{¶8} Crim.R. 32(C) specifies what a judgment entry of conviction must contain: "A judgment of conviction shall set forth the plea, the verdict, or findings, upon which each conviction is based, and the sentence."*fn1 In State v. Baker, we confirmed that a judgment entry of conviction must contain the Crim.R. 32(C) elements to be final and subject to appeal: "A judgment of conviction is a final appealable order under R.C. 2505.02 when it sets forth (1) the guilty plea, the jury verdict, or the finding of the court upon which the conviction is based; (2) the sentence; (3) the signature of the judge; and (4) entry on the journal by the clerk of court." 119 Ohio St.3d 197, 2008-Ohio-3330, 893 N.E.2d 163, syllabus.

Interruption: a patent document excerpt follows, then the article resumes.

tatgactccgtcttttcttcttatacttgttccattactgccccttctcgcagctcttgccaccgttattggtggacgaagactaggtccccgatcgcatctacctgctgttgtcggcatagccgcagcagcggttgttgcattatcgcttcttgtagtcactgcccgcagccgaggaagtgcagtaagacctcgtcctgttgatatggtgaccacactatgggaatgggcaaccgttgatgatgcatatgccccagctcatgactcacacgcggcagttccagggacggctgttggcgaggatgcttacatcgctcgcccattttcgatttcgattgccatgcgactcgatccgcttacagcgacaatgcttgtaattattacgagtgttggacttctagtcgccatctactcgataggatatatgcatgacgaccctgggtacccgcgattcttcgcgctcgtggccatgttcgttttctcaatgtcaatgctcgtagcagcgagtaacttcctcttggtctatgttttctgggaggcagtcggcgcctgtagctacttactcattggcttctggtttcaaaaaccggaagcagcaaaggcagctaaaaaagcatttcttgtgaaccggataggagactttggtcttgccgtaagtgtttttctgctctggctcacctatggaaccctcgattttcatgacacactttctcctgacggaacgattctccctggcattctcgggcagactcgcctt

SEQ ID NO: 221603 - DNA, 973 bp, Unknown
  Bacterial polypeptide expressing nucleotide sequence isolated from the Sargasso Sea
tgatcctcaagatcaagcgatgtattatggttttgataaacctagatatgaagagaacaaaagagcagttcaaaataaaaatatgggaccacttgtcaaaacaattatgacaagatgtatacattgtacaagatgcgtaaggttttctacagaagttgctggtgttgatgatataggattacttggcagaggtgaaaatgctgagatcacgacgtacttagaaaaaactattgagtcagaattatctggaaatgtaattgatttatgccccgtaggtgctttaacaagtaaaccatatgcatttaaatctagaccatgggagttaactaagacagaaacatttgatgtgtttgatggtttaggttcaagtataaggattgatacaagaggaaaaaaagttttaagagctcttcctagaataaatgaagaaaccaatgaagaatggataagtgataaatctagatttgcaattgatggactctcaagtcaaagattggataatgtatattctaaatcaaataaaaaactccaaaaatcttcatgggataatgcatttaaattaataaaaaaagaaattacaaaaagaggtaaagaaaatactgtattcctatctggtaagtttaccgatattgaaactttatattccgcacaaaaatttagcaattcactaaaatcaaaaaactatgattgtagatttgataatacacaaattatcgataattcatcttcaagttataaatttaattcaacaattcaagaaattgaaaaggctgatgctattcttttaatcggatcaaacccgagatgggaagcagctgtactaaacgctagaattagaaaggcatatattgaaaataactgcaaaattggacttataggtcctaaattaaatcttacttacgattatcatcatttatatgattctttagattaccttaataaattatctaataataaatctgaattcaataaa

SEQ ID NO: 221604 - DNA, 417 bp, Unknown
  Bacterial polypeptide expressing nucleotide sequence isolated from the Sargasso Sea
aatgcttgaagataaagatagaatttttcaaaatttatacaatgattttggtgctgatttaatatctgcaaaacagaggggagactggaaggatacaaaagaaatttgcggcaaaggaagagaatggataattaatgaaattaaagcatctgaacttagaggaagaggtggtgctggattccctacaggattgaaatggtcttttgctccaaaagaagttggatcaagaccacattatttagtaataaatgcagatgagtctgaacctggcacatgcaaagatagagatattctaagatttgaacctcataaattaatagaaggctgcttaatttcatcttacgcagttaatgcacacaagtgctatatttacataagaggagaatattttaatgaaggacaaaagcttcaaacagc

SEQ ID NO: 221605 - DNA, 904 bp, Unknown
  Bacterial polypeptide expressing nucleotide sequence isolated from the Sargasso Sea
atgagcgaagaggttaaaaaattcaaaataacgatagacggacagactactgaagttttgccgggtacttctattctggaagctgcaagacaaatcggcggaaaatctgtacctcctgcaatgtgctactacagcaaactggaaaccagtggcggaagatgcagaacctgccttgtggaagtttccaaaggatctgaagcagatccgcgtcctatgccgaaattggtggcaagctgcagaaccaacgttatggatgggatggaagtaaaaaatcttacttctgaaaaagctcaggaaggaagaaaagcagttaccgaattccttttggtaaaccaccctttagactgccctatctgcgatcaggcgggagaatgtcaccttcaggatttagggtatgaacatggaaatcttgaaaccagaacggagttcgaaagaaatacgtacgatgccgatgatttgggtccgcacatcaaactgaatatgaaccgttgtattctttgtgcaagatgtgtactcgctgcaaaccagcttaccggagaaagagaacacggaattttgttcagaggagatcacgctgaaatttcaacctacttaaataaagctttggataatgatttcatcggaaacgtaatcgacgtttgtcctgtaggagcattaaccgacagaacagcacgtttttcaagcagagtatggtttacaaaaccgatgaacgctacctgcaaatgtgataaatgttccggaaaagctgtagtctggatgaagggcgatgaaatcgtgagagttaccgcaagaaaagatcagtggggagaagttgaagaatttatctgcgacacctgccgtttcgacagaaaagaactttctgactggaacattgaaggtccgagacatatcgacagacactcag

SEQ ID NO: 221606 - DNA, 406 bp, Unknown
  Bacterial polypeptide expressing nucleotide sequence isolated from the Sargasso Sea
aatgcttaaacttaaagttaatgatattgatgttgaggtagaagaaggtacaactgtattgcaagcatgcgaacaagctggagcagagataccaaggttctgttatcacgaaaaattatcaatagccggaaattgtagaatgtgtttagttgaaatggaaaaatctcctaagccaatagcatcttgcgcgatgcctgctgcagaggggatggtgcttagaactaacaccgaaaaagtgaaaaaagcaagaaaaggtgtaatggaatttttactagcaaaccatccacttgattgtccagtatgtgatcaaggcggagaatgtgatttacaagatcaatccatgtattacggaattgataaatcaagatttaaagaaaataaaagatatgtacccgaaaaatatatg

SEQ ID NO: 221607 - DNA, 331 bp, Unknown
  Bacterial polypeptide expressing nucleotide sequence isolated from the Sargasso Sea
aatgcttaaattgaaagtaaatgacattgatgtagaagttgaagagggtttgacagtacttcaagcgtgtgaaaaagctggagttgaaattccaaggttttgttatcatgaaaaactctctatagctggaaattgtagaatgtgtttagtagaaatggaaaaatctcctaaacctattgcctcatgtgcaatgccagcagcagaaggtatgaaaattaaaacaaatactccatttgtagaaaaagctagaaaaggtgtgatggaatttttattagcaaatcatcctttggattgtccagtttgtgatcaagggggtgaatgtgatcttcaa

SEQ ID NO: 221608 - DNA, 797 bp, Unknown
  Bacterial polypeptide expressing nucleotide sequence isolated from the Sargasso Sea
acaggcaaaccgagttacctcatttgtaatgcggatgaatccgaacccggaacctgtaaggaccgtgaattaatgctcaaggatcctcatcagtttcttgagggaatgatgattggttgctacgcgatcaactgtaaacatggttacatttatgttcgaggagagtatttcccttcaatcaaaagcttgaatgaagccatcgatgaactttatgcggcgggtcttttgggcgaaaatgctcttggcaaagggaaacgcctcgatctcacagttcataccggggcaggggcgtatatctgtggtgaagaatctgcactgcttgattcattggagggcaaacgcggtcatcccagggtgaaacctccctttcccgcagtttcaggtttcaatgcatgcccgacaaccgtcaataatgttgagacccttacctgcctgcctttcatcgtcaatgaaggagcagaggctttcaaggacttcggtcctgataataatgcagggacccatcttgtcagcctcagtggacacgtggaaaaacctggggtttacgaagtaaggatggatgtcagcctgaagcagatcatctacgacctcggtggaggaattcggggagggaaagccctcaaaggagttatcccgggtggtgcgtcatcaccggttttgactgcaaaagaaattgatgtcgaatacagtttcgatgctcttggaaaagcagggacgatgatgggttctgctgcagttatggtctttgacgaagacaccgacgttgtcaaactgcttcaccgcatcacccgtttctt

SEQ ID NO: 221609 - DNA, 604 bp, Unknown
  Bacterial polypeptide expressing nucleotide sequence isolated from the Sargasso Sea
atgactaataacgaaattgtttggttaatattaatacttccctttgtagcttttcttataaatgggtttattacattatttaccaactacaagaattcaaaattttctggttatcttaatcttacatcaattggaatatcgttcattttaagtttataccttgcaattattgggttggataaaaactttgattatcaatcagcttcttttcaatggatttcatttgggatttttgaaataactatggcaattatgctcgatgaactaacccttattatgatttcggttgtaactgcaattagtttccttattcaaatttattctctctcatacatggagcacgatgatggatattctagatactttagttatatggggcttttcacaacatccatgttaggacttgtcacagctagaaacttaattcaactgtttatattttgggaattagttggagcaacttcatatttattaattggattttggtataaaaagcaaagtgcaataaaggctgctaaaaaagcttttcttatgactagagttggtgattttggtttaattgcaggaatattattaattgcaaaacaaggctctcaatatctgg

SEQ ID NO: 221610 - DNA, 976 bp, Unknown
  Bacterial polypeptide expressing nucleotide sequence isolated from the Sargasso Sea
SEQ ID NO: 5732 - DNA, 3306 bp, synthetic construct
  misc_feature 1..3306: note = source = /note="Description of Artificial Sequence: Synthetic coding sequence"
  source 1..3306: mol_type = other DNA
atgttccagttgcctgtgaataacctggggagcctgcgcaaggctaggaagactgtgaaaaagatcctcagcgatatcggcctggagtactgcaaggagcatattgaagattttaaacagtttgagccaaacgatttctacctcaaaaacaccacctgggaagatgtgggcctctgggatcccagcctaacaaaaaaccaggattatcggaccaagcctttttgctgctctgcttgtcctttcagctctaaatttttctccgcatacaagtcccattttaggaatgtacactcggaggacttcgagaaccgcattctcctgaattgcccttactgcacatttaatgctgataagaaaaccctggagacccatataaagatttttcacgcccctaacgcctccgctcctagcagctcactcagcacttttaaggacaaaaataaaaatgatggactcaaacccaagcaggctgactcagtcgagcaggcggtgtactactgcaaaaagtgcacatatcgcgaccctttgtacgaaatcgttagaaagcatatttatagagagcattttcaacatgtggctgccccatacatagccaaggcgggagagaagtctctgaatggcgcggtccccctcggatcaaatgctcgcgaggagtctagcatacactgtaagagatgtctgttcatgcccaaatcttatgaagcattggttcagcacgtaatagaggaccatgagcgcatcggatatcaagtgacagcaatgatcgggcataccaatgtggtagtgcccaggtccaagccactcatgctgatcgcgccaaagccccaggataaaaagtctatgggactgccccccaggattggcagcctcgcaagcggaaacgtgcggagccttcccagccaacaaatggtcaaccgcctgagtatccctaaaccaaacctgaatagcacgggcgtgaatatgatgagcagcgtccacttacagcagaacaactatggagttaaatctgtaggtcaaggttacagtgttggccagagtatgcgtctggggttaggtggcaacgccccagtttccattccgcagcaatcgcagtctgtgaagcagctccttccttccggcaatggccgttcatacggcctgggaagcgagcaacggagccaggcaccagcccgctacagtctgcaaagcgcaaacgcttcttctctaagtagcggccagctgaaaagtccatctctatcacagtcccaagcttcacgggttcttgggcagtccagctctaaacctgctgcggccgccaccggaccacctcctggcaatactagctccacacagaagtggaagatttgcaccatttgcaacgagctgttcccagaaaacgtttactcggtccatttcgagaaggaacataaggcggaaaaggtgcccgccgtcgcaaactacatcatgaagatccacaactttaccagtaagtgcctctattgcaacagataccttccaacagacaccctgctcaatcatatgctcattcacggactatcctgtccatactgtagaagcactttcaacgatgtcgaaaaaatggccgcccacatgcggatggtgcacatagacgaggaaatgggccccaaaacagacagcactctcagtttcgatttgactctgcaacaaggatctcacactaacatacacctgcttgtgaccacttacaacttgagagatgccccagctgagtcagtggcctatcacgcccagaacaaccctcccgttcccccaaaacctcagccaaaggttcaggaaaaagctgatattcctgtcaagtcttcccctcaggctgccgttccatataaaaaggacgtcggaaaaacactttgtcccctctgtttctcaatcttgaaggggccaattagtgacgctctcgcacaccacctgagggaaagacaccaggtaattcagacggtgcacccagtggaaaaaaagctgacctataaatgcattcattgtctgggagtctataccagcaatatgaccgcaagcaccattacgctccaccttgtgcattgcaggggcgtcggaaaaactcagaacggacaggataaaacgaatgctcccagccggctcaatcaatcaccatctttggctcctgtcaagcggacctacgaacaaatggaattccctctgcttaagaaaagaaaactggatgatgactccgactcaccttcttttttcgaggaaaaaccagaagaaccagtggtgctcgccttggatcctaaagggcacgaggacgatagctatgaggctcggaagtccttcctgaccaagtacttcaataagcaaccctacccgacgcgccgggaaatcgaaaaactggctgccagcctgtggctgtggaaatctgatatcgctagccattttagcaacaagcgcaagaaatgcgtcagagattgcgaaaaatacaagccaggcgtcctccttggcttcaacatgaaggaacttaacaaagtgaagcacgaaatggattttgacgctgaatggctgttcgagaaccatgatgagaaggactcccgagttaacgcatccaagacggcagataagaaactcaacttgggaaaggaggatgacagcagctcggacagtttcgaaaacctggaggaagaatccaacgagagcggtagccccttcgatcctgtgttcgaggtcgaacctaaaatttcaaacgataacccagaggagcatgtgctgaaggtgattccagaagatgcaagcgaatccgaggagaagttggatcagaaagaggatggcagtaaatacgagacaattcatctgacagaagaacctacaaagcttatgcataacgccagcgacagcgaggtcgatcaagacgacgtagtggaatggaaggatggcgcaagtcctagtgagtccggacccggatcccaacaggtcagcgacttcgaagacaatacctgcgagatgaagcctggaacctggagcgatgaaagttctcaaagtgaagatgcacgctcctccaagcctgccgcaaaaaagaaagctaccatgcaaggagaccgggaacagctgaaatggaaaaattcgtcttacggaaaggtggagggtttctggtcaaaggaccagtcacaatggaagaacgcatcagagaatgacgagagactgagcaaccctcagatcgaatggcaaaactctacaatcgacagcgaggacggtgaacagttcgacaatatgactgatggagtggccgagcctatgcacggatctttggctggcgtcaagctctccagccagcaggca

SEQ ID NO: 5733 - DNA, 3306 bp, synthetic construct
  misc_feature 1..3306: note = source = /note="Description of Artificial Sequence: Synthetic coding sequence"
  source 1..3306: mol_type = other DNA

{¶9} In Baker, we also stated that Crim.R. 32 only requires a trial court "to sign and journalize a document memorializing the sentence and the manner of the conviction: a guilty plea, a no contest plea upon which the court has made a finding of guilt, a finding of guilt based upon a bench trial, or a guilty verdict resulting from a jury trial." (Emphasis added.) Id. at ¶ 14. However, this foregoing sentence appears to have created confusion and generated litigation regarding whether a trial court's inadvertent omission of a defendant's "manner of conviction" affects the finality of a judgment entry of conviction. See, e.g., State v. Lampkin, Lucas App. No. L-09-1270, 2010-Ohio-5988, certified conflict and discretionary appeal accepted, 127 Ohio St.3d 1544, 1546, 2011-Ohio-647, 941 N.E.2d 802, 803 (holding that a judgment of conviction that does not comply with Baker is not a final, appealable order); State v. Tuggle, Lucas App. No. L-09- 1317, 2010-Ohio-4162, ¶ 4, discretionary appeal and cross-appeal not accepted, 128 Ohio St.3d 1411, 2011-Ohio-828, 942 N.E.2d 384 (finding that the appellant's original appeal was a legal nullity and that the appeal following resentencing was the appellant's first appeal as of right); State v. Hooper, Montgomery App. No. 22883, 2010-Ohio-4041, discretionary appeal accepted, 128 Ohio St.3d 1499, 2011-Ohio-2420, 947 N.E.2d 683 (rejecting the argument that an entry that omitted the manner of the conviction was not a final, appealable order); State v. Heft (June 4, 2010), Logan App. No. 8-10-05, discretionary appeal accepted, ...